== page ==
“I was picturing “debt” as a lump-sum entity. So if people put $100 toward Credit Card 1, $400 towards Credit Card 2 (snowball!), $300 on their car note and $200 on their student loan they would have put $1,000 towards their overall debt that month which would be a more accurate reflection of their debt-crushing. If the race was limited to just one specific debt, say a person chose a credit card with a $2,000 balance, it might limit their chances of winning.” Contestant
“Everyone’s debt is different just like everyone will choose to attack their debt differently. To me when you start to limit what is being captured you minimize the spirit of the competition, which is ultimately to help each other become debt free. Why should the amount of debt matter?” Another contestant
In the end we decided that people could submit multiple debt payments. If the goal was whoever paid off the most debt I shouldn’t limit people who want to pay off more than one debt at a time.
Tips if your debt doesn’t seem to be moving.
In week one of the debt challenge I had $4,111 left to pay on one of my student loans. By week 9 I had $1,000 left to pay. I realized that before the challenge my debt wasn’t moving because I wasn’t really focused on paying it off. Sure I told myself that one of my goals was to pay it off, but I wasn’t really dedicated to it.
I had about 7 other money goals that I was trying to accomplish at once. My focus was split, so I was making very minimal progress.
If your debt isn’t moving it could be because you’re only paying the minimum amount. When you only pay the minimum amount it’s hard to see any progress. You could also have too many money goals that you’re trying to accomplish at once. So you’re trying to put a few drops of water over 7 different buckets instead of pouring a whole gallon of water over 1-2 buckets at a time.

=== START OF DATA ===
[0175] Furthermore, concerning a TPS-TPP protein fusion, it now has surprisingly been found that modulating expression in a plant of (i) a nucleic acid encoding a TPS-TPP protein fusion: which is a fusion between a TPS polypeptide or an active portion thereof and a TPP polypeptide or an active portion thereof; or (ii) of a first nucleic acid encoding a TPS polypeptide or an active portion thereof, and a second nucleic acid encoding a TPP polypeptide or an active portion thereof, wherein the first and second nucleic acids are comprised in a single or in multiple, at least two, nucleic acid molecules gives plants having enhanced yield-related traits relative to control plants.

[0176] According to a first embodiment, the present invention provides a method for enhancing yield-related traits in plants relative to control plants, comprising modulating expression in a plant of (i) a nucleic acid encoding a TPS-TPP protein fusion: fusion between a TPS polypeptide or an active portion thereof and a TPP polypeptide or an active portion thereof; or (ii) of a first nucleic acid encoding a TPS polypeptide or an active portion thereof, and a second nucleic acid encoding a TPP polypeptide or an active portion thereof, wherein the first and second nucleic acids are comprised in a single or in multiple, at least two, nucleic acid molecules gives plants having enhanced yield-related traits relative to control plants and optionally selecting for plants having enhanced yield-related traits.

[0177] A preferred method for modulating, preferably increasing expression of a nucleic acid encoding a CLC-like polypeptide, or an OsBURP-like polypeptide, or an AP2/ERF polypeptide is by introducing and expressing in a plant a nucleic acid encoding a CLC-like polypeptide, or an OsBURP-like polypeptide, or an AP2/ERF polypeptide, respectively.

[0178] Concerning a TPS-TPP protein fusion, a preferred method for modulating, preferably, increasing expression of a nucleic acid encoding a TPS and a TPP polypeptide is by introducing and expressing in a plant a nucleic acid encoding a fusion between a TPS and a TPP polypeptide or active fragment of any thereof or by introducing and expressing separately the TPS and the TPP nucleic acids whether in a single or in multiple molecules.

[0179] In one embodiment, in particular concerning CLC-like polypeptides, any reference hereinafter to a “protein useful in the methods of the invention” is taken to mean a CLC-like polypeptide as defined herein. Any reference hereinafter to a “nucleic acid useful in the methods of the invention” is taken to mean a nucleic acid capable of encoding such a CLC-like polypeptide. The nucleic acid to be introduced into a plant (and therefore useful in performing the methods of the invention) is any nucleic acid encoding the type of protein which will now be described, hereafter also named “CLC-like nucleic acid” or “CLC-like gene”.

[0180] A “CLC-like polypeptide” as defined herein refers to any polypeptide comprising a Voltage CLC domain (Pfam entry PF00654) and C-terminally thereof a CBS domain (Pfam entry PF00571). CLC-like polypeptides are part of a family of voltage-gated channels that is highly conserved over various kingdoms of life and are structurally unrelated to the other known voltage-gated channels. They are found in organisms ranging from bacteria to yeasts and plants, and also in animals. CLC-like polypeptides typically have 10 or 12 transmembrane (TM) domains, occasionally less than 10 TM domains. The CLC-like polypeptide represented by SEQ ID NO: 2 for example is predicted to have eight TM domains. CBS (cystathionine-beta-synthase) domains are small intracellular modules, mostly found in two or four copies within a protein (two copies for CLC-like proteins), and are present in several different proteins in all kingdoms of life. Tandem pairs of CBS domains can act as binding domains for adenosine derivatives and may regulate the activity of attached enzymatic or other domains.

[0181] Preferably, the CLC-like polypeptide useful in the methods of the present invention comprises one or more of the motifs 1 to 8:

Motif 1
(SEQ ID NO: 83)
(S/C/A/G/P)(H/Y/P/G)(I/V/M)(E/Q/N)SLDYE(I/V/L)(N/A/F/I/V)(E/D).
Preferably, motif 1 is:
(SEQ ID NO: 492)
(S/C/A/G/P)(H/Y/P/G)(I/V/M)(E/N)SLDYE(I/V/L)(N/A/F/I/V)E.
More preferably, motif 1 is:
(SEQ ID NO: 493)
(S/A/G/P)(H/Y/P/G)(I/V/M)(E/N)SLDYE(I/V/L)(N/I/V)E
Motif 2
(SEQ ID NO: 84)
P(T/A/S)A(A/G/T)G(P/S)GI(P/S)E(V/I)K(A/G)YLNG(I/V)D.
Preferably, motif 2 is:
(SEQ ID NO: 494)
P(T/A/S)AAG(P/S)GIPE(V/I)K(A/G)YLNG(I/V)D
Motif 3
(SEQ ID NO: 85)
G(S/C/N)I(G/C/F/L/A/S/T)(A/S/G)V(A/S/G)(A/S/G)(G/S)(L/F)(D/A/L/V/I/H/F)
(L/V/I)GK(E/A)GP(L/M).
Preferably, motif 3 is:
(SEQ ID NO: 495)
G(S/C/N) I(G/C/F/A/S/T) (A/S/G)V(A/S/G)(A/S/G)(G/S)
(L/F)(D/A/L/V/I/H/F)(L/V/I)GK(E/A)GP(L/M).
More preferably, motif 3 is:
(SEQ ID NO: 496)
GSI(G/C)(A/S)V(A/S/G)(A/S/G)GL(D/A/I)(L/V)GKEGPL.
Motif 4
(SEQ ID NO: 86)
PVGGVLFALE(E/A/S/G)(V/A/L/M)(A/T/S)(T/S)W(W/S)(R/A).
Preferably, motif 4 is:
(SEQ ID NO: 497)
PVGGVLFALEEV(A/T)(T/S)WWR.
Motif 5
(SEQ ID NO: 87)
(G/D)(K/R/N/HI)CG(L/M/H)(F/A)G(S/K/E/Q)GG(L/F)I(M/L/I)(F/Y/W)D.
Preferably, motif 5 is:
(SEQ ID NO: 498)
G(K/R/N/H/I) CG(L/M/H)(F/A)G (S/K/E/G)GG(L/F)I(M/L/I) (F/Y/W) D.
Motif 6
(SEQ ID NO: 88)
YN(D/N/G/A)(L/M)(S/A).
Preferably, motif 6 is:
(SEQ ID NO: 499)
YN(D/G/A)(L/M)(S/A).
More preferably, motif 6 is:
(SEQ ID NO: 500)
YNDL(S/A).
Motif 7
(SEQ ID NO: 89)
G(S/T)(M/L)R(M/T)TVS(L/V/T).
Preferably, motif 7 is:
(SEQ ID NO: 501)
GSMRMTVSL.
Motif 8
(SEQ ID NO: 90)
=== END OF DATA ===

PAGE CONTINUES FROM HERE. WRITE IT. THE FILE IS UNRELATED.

The competition factor also played a huge role into me stepping up my debt payment game. The first few weeks I was only paying a few hundred dollars, then I noticed people in the group were paying $1000 + and I felt as though I was slacking and had to pay off more.
Healthy peer pressure
Sometimes our friends place more emphasis on things that aren’t healthy for you. If our friends can pressure us into taking another drink, or buying that pair of shoes because “we deserve it,” why can’t our friends pressure us into paying off our debt? That’s really what this debt challenge was about. Helping support each other pay off our debt, like a debt support group.
Becoming debt free
One person in the group even became debt free.
“OMG! I am so happy to have that monkey off my back. Thank you SO MUCH for the extra motivation! It’s kinda like cleaning my apartment. I get more done in the 30 minutes before my guests arrive than if I had all day to clean.
Now it’s time to work on my 3-6 month emergency fund!. In other news, our office received bonuses this week. For the first time I didn’t have to plead, negotiate, bribe myself. You know, “Ok, Bianca, you can have $100 to play with but the rest has to go to VISA.” It feels great!
Emergency fund, here we come! And a tropical (but budget-friendly) vacay. Because I freaking deserve it! And can actually afford it for a change.
In the beginning I was nervous about starting this debt challenge. I didn’t know who would join me. I didn’t even know someone would end up debt free. So happy I could help motivate people to pay off their debt. If it takes a village to raise a child, maybe it also takes a village to pay off debt.
I know one of your goals for 2016 is to be debt free, or at least be able to pay off your credit card debt so you can pay the full balance each month. If you said yes to one of these my book The Debt Slaying Challenge: Eliminating Debt Fast book is for you learn more here.
With all my love,
Learn how one woman stopped drowning in debt